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1 June 1994 Comparison of laser and CO2 snow cleaning of astronomical mirror samples
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The cleaning of mirrors in large, remote telescopes is essential if these telescopes are to meet their performance goals, including low (2%) thermal emissivity in the infrared. Aluminum- coated mirror samples which were naturally or artificially contaminated with materials representative of those at observatories, were cleaned with a UV laser beam or CO2 snow. Cleaning effectiveness was determined from studies of residual particle densities and size distributions (measured from low-magnification optical imaging). For exposures under two weeks both laser and CO2 cleaning yield comparable results; however, for longer exposures (up to three months) UV laser cleaning is about twice as effective in our tests. At the laser energy densities required for effective cleaning, no surface changes or damage was observed even after cleaning the same spot 200 times. For 8-m class telescopes, the annual consumption cost of sufficiently pure CO2 is comparable to the capital cost of a UV laser. Both methods clean such surfaces in less than one day. Two attractive features of laser cleaning are that the method can be fully automated and run frequently without significant cost of manpower or expendables, and that by focusing the laser beam tighter it can be used to strip old surface coatings prior to recoating.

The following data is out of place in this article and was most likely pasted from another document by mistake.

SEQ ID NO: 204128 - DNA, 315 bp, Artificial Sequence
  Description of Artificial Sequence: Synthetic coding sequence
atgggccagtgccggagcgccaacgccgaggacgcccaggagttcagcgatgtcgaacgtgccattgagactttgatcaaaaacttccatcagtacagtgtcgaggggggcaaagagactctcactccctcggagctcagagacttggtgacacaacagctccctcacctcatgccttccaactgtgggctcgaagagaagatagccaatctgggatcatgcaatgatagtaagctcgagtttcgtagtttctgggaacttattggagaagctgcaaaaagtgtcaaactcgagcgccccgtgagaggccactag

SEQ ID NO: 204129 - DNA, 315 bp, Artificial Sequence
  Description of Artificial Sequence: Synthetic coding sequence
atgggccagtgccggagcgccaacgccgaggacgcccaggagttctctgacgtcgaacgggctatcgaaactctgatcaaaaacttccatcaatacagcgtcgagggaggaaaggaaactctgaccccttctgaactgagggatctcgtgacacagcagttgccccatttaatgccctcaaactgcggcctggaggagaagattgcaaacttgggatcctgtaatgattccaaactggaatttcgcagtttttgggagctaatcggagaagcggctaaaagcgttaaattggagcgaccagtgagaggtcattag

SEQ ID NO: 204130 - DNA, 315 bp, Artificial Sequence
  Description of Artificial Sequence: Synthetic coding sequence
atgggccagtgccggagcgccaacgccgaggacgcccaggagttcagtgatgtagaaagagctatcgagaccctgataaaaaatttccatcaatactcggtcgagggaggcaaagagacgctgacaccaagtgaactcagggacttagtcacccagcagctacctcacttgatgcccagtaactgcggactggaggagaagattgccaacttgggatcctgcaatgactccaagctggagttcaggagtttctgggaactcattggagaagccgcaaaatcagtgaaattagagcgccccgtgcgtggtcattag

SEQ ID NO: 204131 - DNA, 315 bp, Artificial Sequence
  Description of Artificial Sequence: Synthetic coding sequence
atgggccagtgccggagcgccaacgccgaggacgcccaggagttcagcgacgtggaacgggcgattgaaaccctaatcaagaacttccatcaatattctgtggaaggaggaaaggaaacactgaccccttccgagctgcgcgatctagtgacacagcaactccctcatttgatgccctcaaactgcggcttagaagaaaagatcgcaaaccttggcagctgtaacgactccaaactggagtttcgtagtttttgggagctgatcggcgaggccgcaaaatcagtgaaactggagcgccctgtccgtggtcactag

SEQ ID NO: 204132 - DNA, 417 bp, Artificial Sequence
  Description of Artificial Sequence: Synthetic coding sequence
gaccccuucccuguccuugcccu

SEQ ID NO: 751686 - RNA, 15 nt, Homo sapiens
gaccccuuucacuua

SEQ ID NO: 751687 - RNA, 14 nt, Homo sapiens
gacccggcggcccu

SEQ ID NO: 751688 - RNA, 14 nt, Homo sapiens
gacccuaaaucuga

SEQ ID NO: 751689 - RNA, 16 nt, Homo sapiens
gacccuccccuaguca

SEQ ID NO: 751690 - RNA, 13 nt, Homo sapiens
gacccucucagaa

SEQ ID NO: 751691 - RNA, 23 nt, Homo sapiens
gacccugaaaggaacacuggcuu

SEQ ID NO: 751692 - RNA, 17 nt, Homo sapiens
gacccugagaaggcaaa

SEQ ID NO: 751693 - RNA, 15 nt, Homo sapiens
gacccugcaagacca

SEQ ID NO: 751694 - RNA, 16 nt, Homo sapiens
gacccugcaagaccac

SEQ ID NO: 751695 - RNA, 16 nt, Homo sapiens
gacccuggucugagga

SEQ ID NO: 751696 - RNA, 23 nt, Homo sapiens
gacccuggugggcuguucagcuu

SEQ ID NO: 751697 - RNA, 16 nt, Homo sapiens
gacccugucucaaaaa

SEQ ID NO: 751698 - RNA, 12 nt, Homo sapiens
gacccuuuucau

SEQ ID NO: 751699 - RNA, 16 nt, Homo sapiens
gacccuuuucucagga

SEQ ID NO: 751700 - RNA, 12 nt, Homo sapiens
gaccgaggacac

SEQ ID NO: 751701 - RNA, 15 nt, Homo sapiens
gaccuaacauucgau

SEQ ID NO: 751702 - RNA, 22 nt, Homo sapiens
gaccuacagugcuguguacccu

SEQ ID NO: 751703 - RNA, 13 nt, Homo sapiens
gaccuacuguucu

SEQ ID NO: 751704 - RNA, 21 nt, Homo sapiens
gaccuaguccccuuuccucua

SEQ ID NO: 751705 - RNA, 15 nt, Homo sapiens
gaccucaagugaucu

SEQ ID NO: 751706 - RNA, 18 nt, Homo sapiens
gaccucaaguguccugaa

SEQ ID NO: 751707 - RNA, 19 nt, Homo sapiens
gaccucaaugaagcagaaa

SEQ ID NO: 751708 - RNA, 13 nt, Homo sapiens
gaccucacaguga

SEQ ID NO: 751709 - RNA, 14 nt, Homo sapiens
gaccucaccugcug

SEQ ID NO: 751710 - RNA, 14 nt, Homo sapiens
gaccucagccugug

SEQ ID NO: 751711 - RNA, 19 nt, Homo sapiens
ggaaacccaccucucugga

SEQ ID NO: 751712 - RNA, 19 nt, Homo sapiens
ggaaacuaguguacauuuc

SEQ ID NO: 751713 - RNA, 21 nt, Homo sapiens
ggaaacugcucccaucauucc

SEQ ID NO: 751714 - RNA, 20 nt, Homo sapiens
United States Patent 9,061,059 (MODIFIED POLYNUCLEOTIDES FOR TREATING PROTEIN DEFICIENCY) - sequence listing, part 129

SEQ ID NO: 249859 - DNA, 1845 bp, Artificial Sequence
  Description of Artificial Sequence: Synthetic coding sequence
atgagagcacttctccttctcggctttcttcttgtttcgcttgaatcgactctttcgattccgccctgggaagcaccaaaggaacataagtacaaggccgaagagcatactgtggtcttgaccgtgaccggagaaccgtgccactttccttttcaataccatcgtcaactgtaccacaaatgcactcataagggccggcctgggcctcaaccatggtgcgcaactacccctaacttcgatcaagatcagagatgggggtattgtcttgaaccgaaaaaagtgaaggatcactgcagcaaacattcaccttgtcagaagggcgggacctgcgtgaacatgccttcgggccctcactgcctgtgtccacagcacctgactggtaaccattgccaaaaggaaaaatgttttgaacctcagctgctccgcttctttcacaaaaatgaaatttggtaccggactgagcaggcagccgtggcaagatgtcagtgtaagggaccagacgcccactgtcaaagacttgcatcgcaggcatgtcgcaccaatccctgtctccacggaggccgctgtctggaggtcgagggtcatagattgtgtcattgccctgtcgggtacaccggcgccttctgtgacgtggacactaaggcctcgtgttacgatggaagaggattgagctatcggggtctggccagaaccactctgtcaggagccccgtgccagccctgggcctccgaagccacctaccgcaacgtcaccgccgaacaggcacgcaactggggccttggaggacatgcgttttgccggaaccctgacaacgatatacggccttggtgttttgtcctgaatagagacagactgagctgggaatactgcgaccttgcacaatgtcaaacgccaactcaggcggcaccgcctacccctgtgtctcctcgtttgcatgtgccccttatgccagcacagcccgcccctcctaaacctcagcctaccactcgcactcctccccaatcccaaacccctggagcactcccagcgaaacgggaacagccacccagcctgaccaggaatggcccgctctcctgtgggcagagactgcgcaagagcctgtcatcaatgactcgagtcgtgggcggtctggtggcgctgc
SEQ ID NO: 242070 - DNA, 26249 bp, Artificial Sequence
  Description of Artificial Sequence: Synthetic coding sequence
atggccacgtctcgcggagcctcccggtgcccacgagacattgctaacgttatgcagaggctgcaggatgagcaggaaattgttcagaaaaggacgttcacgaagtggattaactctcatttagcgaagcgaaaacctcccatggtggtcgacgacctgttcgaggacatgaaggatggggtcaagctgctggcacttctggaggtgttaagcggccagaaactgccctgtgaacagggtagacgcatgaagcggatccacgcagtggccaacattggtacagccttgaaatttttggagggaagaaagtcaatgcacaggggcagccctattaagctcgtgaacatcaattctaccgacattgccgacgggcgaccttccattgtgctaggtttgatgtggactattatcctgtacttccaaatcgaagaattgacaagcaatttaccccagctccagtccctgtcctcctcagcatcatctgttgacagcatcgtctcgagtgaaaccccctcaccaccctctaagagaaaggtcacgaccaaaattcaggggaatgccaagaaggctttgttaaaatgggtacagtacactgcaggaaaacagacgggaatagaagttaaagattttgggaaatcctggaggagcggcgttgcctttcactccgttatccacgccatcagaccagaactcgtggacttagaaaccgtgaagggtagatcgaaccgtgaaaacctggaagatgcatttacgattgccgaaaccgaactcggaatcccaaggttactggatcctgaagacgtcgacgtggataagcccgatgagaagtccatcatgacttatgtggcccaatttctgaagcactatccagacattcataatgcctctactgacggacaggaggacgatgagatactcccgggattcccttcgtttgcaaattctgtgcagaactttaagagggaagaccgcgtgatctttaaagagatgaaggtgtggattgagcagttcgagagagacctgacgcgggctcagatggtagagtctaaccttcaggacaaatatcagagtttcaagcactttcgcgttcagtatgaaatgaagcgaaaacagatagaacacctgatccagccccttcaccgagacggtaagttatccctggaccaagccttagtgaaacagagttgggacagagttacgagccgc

© (1994) COPYRIGHT Society of Photo-Optical Instrumentation Engineers (SPIE). Downloading of the abstract is permitted for personal use only.
Wayne D. Kimura, Gerald H. Kim, and Bruce Balick "Comparison of laser and CO2 snow cleaning of astronomical mirror samples", Proc. SPIE 2199, Advanced Technology Optical Telescopes V, (1 June 1994);


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